Why It’s Jewish to Believe in the Messiah
By Nathan R.
Many Jewish people
assume that to believe that Yeshua (Jesus, in English) is the Messiah is to do something very goyish—something very “Gentile.” All our lives, we have been told that Yeshua is for the Gentiles and that He is therefore not the promised Messiah. And, it is for this reason that the Jewish community remains steadfast in its unwavering confession that “Jews don’t believe in Jesus!”
The fact that so many Gentiles do
believe in Yeshua has led most Jewish people to conclude that He must therefore not be for us! But this is exactly the opposite of what the Jewish Scriptures teach. The message of the Hebrew prophets is that the inclusion of Gentiles in God’s messianic plan is as old as our Hebrew Scriptures.
The Messianic Message of the Prophets
The Prophet Isaiah said that the Messiah would be a light to the nations: “I will keep You and give You as a covenant to the people, as a light to the Gentiles” (Isaiah 42:6). He would be a beacon of hope to the Gentiles, and bring them into a relationship with the God of Israel. Through this Jewish Messiah, the entire world would come to know the God of Abraham, Isaac and Jacob.
Messianic expectations were at a fever pitch during the time of Yeshua. Israel’s religious leaders prayed for God to send the messianic Son of David to deliver Israel from her enemies, and to cast off the yoke of Roman oppression. The Jewish people longed for a deliverer Who would restore the nation to its former glory.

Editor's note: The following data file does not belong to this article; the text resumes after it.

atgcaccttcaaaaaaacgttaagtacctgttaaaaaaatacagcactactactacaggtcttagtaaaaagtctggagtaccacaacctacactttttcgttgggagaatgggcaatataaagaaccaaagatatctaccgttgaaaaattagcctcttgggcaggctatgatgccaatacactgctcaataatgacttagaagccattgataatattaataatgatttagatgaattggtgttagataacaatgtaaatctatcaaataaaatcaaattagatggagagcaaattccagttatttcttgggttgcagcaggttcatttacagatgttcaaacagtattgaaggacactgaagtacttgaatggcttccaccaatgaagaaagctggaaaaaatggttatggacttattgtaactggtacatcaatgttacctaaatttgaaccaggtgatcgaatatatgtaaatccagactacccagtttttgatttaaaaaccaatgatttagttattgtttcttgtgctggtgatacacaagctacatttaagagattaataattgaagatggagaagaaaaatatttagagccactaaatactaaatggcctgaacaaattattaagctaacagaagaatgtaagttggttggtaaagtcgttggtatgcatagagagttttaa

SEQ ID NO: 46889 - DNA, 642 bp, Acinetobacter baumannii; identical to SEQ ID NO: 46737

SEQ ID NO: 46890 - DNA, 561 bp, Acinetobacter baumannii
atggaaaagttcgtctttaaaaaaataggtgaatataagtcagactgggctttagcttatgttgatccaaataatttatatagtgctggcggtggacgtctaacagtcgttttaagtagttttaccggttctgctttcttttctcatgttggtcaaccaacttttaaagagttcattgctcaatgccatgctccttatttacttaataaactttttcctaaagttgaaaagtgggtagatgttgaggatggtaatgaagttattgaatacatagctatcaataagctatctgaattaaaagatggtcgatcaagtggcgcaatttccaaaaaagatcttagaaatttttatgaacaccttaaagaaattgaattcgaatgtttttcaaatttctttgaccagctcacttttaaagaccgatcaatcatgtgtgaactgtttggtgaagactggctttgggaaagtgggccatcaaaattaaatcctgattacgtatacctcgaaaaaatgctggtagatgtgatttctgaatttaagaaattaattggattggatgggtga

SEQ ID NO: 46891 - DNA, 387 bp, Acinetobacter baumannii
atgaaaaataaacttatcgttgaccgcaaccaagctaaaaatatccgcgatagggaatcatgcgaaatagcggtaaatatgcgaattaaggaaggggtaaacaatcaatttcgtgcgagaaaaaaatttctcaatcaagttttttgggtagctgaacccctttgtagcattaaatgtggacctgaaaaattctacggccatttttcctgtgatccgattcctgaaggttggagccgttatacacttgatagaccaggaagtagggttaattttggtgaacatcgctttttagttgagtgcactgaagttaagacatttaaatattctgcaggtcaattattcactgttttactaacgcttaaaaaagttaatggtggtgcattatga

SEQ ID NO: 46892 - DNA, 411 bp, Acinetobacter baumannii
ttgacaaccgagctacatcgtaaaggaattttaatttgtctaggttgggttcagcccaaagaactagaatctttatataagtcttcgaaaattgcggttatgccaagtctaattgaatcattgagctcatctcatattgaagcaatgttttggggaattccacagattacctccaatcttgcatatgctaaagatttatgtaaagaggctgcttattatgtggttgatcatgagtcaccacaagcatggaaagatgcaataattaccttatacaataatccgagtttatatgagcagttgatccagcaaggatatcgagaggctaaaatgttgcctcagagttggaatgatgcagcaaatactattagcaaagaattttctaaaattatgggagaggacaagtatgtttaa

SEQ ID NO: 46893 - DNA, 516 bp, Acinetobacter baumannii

God did just that, but it was not the military victory that most first century Jewish people expected. Isaiah prophesied that “a shoot will spring forth from the stem of Jesse, and a Branch from his roots will bear fruit” (Isaiah 11:1).
This verse emphasizes Messiah’s humble and lowly origins. The messianic House of David had been “cut down,” and appeared to be nothing more then a lifeless stump. But God did not forget His promise to save His people and preserve the royal messianic line.
Despite the fact that then current messianic expectations did not square with Isaiah’s prophecy, Yeshua came to Israel in just this manner. He was born in the small backwater town of Bethlehem (Micah 5:2) and presented Himself to the nation without pomp or circumstance (Isaiah 42:1-4). He came as the humble Servant of the Lord who reconciles the nation to God by making atonement for their sins (Isaiah 53:1-12). He did not come in the regalia of a general, but in the form of a lowly foot soldier, so as to be better able to march alongside us.
The Servant of the Lord
The Messiah’s task was to reconcile the entire world to God. Yeshua came as a “light to the Gentiles” to open the eyes of those who dwelt in a land of spiritual darkness (Isaiah 9:1-3; 42:5-7; 60:1-3). Therefore, the fact that so many Gentile people have turned to Yeshua is not an argument against Yeshua’s messianic identity—it is rather proof of it! It was always God’s plan for non-Jews to embrace the Jewish Messiah.
Is it Jewish to believe in Yeshua? The Jewish people who accepted the message at the time it was given certainly thought so. Throughout the centuries, up to this day, there have been those among our people who have agreed with them. The Messiah said it Himself: “I am the way, the truth, and the life. No one [Jewish or Gentile] comes to the Father except through Me” (John 14:6).
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